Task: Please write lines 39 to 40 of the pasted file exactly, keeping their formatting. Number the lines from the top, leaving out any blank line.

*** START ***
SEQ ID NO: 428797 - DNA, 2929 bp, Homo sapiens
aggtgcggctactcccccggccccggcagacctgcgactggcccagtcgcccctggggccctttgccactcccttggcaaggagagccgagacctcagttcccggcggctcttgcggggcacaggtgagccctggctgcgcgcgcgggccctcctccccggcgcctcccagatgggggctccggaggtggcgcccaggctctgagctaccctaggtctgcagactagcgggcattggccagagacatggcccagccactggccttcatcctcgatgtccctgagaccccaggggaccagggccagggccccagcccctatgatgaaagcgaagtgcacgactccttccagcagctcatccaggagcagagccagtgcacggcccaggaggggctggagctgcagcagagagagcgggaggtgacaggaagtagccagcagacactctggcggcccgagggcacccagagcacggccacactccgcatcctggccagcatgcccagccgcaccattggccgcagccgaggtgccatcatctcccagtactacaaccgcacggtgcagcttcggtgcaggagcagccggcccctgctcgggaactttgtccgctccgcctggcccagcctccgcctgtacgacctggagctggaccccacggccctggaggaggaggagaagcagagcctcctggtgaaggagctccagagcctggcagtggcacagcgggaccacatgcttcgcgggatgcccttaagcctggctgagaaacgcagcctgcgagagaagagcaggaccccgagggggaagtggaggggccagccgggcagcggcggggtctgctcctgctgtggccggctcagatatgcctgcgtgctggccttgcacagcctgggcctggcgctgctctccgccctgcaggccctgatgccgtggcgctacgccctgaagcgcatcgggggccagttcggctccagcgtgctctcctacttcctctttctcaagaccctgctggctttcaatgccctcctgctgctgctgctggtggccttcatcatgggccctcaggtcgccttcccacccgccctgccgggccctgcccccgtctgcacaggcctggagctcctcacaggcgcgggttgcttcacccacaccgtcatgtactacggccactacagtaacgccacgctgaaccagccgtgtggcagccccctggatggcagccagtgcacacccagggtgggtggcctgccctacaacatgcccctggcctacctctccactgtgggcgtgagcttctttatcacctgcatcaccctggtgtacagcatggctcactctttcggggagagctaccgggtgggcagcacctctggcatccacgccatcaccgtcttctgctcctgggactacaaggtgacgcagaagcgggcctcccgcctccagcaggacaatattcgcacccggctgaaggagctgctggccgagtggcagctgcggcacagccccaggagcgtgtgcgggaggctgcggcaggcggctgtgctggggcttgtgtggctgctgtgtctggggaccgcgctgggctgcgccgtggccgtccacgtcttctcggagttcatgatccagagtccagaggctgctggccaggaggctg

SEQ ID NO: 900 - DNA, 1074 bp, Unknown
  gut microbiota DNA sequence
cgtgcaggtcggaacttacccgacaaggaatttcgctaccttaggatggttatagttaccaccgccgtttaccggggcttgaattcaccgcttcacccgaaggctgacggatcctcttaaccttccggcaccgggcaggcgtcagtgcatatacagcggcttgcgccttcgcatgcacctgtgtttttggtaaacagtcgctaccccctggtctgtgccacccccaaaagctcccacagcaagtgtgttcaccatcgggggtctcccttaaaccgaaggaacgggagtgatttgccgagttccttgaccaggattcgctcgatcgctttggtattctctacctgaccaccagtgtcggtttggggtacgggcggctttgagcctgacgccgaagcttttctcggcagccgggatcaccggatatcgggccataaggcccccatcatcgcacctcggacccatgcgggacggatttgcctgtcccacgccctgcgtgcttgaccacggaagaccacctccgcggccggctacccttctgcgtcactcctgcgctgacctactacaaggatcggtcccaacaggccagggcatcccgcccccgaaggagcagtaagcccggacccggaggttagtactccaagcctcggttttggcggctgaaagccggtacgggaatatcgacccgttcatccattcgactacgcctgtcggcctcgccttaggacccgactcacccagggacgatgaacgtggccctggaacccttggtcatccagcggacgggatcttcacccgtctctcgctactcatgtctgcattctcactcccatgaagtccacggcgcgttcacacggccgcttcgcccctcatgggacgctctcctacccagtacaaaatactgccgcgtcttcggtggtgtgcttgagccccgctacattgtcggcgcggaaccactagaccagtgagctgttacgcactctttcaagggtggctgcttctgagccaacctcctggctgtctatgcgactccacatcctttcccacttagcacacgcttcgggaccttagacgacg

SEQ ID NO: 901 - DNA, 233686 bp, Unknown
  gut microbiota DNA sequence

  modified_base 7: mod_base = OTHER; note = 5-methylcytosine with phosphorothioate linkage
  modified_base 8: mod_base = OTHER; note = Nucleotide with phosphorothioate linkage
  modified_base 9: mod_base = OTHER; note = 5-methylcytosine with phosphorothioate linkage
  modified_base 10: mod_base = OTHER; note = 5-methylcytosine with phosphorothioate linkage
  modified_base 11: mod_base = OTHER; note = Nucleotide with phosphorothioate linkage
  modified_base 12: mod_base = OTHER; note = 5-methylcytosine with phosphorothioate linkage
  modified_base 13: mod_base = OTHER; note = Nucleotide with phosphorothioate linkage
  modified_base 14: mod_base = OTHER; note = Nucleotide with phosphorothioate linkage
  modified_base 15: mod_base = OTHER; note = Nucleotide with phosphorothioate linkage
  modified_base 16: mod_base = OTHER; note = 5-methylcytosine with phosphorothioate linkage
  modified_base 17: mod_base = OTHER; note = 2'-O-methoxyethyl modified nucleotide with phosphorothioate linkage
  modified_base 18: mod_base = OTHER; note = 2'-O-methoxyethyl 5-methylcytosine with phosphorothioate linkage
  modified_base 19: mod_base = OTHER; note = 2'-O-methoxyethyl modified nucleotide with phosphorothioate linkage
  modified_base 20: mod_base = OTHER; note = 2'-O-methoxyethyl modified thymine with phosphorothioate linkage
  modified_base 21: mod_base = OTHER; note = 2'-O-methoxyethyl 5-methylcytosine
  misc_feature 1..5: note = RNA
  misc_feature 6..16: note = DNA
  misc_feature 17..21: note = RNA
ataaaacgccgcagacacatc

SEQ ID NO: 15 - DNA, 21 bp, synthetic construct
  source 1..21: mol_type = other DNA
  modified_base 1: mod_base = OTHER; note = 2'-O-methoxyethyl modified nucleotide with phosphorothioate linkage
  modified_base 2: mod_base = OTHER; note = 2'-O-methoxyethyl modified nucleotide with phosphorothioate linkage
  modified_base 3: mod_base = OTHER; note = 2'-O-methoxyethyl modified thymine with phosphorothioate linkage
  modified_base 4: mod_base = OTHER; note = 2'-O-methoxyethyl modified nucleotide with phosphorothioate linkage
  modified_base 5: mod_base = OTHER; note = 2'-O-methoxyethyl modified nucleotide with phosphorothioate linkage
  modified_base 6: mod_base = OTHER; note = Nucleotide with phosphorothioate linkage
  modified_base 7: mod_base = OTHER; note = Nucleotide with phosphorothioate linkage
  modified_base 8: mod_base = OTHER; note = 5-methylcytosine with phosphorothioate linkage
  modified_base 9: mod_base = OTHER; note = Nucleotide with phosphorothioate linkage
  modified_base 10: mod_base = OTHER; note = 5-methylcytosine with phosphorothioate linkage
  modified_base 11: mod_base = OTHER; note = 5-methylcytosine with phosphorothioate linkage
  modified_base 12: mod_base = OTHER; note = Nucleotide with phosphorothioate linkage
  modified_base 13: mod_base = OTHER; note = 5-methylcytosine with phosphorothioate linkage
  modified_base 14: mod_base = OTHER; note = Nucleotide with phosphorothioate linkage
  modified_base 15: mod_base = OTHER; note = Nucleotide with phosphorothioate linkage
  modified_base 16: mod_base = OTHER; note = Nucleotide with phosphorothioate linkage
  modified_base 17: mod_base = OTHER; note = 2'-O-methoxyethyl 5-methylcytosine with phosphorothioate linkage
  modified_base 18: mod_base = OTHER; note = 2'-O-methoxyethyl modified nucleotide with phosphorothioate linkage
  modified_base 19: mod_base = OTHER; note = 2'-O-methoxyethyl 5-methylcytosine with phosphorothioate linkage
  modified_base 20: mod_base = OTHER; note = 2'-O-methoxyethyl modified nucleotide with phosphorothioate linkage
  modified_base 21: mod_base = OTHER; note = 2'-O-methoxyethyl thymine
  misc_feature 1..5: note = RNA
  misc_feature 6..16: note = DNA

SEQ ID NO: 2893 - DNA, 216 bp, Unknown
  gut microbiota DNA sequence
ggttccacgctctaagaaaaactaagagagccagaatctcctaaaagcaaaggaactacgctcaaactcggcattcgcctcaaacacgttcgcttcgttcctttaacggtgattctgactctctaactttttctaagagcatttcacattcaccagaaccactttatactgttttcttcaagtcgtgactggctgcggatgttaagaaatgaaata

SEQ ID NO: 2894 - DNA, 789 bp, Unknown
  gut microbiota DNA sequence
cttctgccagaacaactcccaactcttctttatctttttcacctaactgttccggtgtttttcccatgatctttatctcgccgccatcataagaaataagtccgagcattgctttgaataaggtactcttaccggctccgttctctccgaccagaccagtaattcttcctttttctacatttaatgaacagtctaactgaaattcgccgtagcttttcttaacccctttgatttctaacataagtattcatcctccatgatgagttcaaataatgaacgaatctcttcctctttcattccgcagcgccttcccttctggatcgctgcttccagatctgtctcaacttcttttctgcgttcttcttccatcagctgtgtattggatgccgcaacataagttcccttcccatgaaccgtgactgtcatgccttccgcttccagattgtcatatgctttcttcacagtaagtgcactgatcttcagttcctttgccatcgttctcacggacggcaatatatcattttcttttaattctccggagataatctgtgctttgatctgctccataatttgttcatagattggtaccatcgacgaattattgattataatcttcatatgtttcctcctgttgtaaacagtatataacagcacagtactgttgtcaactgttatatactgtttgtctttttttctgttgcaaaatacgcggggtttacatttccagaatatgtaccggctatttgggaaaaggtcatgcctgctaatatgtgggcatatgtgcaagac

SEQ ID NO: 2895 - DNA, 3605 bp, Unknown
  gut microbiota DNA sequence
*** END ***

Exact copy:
  modified_base 11: mod_base = OTHER; note = 5-methylcytosine with phosphorothioate linkage
  modified_base 12: mod_base = OTHER; note = Nucleotide with phosphorothioate linkage